Teaching Ashtanga,  Uncategorized,  Yoga Philosophy,  Yoga Sutras

Take Back Your Power

It is their fault vs It is your fault.

Which one is more empowering?

In the short run, it feels good to blame life, our childhood and other people for negative events. We can take our issues off our shoulders and give them over to others. It is an easy fix.

But which one is more empowering?

It is extremely difficult, and in most cases, impossible to control other people’s actions. It is impossible to go back in the past and change your childhood or unmarry your ex husband. So the power felt from blame and imparting our righteous anger on others is short lived and detrimental.

It is short lived because the blame makes you feel good but it doesn’t change anything.

It is detrimental because it destroys relationships and it takes away your power.

When something is our fault, the ability to change the situation is in our hands.  It is the hard way but ultimately the most empowering.  It requires that we take a deep look at the actions we took that led us to that place.

We are creators. What are you creating?

When you only take responsibility for the good things that happen in your life and place the bad things on others, you place a huge chunk of your life into someone else’s hands. You are allowing all the people in your life, that you feel caused you pain, to keep causing that same pain for years to come. You don’t have the power. They do. They live forever in your mind and in your heart. With every hurt, you recreate them.

Why would a creator, as powerful as you, keep creating pain?

 You keep creating it through memory.

Patanjali, in the Yoga Sutras, defines yoga as the cessation of the fluctuations of the mind. He goes on to list the fluctuations and say that these fluctuations can be painful or painless.  Memory is one of those fluctuations.

When a mental modification of an object, previously experienced and not forgotten, comes back to consciousness, that is memory -Yoga Sutras of Patanjali  1:11

You create it because you are attached.

We are attached to it because we have forgotten who we really are. Our powerful, beautiful self is too vast and magnificent to be brought down by a negative experience. Only the little self, we have created, is small enough to be contained in that thought.

Then the Seer (Self) abides in his own nature. At other times (the Self appears to) assume the forms of the mental modifications -Yoga Sutras of Patanjali 1: 3-4

Then we run from it through blame.

Which is ironic because you cannot run from something you are attached to but we still try, LOL.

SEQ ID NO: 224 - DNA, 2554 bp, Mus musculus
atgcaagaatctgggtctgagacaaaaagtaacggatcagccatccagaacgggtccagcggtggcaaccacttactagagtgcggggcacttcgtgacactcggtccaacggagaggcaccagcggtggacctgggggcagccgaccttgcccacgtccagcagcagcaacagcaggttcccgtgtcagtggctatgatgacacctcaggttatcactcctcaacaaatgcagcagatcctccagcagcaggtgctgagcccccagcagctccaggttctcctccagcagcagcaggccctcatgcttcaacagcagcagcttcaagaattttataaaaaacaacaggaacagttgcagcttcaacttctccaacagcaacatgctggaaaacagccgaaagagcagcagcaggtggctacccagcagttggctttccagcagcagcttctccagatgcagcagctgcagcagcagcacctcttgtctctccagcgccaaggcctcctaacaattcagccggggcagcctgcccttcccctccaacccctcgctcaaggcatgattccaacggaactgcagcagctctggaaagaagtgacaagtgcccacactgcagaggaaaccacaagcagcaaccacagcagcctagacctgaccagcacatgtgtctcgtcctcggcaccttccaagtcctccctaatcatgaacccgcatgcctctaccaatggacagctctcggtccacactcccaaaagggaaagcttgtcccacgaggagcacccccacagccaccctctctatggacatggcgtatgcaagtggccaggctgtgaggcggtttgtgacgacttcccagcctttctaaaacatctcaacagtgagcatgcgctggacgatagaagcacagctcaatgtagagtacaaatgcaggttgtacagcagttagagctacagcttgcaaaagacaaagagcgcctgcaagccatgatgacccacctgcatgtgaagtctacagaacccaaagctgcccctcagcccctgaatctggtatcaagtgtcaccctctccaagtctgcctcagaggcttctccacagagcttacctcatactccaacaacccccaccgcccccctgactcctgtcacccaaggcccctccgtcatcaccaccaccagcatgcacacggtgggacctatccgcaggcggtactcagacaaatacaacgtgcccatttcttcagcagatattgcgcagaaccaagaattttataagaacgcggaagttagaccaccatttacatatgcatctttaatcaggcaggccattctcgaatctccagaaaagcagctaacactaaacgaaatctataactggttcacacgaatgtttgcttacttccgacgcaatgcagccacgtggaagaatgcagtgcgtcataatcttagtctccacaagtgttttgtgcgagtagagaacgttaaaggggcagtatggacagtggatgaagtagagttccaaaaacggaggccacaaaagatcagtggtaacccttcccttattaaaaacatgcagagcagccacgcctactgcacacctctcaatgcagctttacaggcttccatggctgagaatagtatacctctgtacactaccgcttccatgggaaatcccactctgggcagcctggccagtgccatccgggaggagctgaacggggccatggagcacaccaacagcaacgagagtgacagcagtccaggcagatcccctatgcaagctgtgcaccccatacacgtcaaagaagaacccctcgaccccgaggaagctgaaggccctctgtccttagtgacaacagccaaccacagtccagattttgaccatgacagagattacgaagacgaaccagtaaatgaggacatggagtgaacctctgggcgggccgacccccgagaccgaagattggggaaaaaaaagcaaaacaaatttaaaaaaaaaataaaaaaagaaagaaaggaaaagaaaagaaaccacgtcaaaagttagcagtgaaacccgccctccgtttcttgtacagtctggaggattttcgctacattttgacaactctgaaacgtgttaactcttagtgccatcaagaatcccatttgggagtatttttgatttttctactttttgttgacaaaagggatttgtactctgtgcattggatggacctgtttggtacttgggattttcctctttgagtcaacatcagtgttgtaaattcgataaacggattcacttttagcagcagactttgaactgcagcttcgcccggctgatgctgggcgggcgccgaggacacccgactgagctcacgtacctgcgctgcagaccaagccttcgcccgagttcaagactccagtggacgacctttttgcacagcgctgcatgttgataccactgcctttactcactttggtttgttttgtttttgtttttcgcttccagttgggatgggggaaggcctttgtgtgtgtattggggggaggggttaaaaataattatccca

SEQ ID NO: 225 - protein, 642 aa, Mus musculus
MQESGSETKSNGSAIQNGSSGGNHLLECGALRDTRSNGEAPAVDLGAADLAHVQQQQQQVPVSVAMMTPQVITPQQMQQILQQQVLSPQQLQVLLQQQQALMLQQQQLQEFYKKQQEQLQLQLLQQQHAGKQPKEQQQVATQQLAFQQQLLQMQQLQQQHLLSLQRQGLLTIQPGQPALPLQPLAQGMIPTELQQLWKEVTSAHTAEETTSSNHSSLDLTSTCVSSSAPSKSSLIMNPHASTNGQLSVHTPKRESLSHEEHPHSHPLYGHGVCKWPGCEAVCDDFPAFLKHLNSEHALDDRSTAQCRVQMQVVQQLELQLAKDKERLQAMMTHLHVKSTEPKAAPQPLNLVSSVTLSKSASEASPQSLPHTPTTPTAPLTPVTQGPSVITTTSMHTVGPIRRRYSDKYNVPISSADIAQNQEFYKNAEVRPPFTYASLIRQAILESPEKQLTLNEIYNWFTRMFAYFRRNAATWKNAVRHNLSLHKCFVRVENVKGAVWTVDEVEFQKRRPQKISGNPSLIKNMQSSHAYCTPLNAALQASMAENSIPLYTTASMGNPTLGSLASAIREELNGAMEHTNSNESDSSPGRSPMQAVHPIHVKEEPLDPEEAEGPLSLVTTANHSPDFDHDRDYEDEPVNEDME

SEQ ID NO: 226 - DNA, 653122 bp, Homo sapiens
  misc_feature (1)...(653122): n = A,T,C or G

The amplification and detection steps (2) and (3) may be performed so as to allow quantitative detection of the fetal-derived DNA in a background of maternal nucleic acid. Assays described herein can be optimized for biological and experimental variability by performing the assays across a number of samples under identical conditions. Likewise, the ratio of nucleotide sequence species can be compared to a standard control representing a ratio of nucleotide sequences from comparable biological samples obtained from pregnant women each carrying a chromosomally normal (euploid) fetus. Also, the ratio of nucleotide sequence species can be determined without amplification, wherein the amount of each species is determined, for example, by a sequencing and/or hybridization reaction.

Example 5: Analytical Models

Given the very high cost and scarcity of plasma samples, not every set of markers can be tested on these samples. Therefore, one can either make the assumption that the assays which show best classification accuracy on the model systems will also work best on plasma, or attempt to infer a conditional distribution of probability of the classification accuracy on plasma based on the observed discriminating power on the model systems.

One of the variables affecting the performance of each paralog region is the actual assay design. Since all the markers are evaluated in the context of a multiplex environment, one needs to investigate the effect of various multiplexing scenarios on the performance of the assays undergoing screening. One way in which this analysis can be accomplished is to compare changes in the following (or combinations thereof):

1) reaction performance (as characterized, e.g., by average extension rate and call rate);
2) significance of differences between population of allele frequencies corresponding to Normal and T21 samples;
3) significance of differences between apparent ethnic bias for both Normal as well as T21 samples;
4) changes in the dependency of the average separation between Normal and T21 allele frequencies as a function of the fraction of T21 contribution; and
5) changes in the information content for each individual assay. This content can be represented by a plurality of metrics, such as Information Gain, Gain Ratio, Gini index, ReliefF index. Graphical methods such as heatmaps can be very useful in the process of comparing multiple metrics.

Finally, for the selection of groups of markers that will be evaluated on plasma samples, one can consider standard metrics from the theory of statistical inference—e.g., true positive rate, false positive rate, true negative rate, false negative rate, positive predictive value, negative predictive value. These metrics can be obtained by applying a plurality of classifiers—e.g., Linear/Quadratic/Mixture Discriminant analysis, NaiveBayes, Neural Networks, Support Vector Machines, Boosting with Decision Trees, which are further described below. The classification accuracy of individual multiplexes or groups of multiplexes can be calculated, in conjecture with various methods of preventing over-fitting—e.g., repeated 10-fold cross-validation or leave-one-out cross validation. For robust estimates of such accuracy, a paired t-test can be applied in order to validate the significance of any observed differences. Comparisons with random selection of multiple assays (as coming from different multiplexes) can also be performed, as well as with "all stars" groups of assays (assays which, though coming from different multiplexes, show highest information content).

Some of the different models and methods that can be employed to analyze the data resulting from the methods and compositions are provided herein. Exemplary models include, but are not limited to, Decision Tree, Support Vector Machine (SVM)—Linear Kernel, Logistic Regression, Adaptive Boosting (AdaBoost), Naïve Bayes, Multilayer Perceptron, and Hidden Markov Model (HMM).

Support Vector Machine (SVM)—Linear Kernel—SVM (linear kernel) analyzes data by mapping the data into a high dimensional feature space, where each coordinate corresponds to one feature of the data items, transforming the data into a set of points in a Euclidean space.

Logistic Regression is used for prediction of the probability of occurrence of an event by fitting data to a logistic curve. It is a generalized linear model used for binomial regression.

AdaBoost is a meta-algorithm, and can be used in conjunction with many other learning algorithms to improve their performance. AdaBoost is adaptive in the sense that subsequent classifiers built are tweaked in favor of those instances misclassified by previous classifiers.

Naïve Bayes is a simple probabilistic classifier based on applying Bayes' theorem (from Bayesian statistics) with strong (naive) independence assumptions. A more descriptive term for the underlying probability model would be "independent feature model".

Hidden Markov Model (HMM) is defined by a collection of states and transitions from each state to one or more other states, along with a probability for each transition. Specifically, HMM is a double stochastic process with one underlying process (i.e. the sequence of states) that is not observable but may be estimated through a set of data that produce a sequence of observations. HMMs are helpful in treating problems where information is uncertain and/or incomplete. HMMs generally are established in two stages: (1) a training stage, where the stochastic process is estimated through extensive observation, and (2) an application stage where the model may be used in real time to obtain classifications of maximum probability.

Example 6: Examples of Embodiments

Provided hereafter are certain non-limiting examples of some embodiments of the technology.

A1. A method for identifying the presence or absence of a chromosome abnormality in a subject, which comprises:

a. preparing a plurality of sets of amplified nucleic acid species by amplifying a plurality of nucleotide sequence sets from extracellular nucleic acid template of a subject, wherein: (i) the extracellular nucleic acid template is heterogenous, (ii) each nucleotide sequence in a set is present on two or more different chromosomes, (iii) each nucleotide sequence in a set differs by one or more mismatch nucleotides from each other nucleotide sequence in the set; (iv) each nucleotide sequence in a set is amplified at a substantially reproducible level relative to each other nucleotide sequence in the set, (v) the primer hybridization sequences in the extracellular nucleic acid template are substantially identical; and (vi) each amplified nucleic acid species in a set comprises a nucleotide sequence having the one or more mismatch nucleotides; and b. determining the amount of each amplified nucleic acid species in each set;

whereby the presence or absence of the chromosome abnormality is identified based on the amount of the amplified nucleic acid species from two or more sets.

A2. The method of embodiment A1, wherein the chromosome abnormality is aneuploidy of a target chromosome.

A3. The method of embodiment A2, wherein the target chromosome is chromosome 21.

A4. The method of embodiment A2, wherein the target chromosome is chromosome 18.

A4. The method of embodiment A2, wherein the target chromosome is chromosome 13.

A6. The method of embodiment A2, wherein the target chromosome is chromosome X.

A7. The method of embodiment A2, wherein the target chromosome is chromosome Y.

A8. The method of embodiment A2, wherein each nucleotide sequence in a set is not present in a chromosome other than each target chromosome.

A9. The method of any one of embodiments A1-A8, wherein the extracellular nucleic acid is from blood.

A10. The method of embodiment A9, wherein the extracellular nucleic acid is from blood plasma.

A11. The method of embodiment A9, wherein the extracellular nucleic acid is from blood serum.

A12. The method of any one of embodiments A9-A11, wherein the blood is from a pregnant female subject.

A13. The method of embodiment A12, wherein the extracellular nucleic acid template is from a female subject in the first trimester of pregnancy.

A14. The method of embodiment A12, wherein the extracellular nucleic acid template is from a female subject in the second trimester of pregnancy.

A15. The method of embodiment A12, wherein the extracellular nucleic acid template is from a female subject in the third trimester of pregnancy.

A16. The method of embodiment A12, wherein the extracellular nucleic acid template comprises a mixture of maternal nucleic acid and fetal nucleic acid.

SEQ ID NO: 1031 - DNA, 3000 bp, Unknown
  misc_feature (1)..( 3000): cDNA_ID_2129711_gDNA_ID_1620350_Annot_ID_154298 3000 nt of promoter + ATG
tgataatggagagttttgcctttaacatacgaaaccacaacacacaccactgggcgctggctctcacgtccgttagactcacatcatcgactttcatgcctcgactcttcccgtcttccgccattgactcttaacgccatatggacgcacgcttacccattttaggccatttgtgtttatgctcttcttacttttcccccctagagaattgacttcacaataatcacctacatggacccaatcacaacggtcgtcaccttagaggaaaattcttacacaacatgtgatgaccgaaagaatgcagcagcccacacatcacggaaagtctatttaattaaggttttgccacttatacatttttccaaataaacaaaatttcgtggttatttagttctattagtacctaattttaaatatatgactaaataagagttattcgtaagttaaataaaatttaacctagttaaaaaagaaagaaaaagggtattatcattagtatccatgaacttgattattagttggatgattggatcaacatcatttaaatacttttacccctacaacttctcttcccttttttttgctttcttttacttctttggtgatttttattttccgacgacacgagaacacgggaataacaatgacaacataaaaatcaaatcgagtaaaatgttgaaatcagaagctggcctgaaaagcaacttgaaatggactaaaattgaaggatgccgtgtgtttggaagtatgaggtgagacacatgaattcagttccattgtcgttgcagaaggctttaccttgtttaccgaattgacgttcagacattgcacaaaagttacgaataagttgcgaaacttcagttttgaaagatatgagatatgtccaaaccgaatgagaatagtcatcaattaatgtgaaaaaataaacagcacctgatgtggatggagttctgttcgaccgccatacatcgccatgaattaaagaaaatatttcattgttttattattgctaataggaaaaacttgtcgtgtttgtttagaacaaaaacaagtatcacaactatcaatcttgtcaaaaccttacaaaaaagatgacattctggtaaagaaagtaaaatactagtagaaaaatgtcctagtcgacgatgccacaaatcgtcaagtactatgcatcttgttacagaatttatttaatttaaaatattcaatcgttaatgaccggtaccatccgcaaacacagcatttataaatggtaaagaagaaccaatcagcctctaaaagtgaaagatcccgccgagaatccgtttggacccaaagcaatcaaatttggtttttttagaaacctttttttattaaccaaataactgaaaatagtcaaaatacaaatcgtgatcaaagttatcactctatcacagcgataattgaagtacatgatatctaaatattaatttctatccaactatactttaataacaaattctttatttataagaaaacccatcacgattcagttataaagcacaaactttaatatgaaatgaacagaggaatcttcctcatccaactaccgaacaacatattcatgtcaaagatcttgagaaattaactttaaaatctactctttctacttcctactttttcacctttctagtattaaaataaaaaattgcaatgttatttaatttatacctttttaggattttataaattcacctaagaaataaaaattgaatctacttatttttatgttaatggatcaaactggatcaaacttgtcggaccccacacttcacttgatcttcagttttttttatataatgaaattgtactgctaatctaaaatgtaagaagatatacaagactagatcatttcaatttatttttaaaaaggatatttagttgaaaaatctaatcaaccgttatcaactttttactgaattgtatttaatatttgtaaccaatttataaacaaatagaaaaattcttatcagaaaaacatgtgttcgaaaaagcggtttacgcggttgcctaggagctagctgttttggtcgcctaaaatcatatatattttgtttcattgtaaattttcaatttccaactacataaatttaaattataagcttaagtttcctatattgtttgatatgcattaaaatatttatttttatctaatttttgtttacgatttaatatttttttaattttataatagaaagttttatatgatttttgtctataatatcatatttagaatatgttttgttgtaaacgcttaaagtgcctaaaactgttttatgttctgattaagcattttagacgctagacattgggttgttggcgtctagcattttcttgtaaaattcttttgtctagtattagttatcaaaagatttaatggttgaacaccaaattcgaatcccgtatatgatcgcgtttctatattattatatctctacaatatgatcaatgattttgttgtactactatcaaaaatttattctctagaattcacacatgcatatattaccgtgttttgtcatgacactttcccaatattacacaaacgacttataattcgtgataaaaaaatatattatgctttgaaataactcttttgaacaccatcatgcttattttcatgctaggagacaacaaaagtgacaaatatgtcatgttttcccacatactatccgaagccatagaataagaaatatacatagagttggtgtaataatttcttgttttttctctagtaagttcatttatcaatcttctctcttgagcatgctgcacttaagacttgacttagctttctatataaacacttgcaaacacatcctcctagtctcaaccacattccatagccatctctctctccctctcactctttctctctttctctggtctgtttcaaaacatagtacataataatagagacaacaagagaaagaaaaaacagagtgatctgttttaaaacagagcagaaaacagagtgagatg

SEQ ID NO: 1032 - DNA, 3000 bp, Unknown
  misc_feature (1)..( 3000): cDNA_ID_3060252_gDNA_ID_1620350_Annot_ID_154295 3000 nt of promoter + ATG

There are five kinds of thought patterns (kleshas) that Kriya yoga (Yoga of action) deals with: 1) forgetting, or ignorance about the true nature of things (avidya), 2) I-ness, individuality, or egoism (asmita), 3) attachment or addiction to mental impressions or objects (raga), 4) aversion to thought patterns or objects (dvesha), and 5) love of these as being life itself, as well as fear of their loss as being death.- Yoga Sutras of Patanjali 2:3

Dvesha or aversion is what we do when we blame others.

How do we stop it?

Kriya Yoga. Kriya is the yoga of action. We change these thought patterns not through blame but through action. Our own actions.

Yes, there are times when something is going to be out of your control. People may harm you. The action, that caused the harm, is their Karma. You make it yours when you continue to act out because of it. That is when you are responsible for it.

Simple example, your high school sweet heart cheats on you. That was their fault and their action. However, if you choose to not trust anyone from that point on, the karma or consequences are yours. By not trusting anyone else, you are not hurting your high school sweet heart. You are hurting yourself and all future relationships.

Let me tell you something you may not like. Karma is about your perception of the action.  Using the same example, if your high school sweetheart thinks cheating is good, they do not get any ill karma!!! You ever wonder why people who do horrible things keep having awesome things happen to them? You ever wonder why that super nice family on Good Times had such a hard time making it out of the ghetto? This is yoga’s answer.

Many times, when we hold a negative memory or blame others, we are the only one that is getting hurt!!

Stop hurting yourself!!

Take the actions or kriyas that allow you to get out of the cycle of blame and takes your enemies or past hurts out of the drivers seat.

There are many ways to do this. One of these  is by taking responsibility for your part in it happening and taking responsibility for your future actions.

If you want to use yoga, the second book of the Yoga Sutras of Patanjali is dedicated to Kriya Yoga. This is the section that talks about the 8 limbs of Yoga. The 8 limbs give our lives back to us. They take us out of blame and into power. They teach us how to stop the self perpetuating narrative in our heads that gives us pain.

Do you know what the next book of the Yoga Sutras is about?

Accomplishments aka siddhis aka super powers!!!

When we take back our power we accomplish things! To other people, we seem super human!

That is what is in store for a Yogi! Don’t let memory and blame keep you from your birthright!

Shanna Small has been practicing Ashtanga Yoga and studying the Yoga Sutras since 2001. She has studied in Mysore with Sharath Jois and is the Director of AYS Charlotte, a school for traditional Ashtanga in Charlotte NC. She has written for Yoga International and the Ashtanga Dispatch. Go here for more information on AYS Charlotte. For information on workshops, please e-mail shanna@ashtangayogaproject.com.

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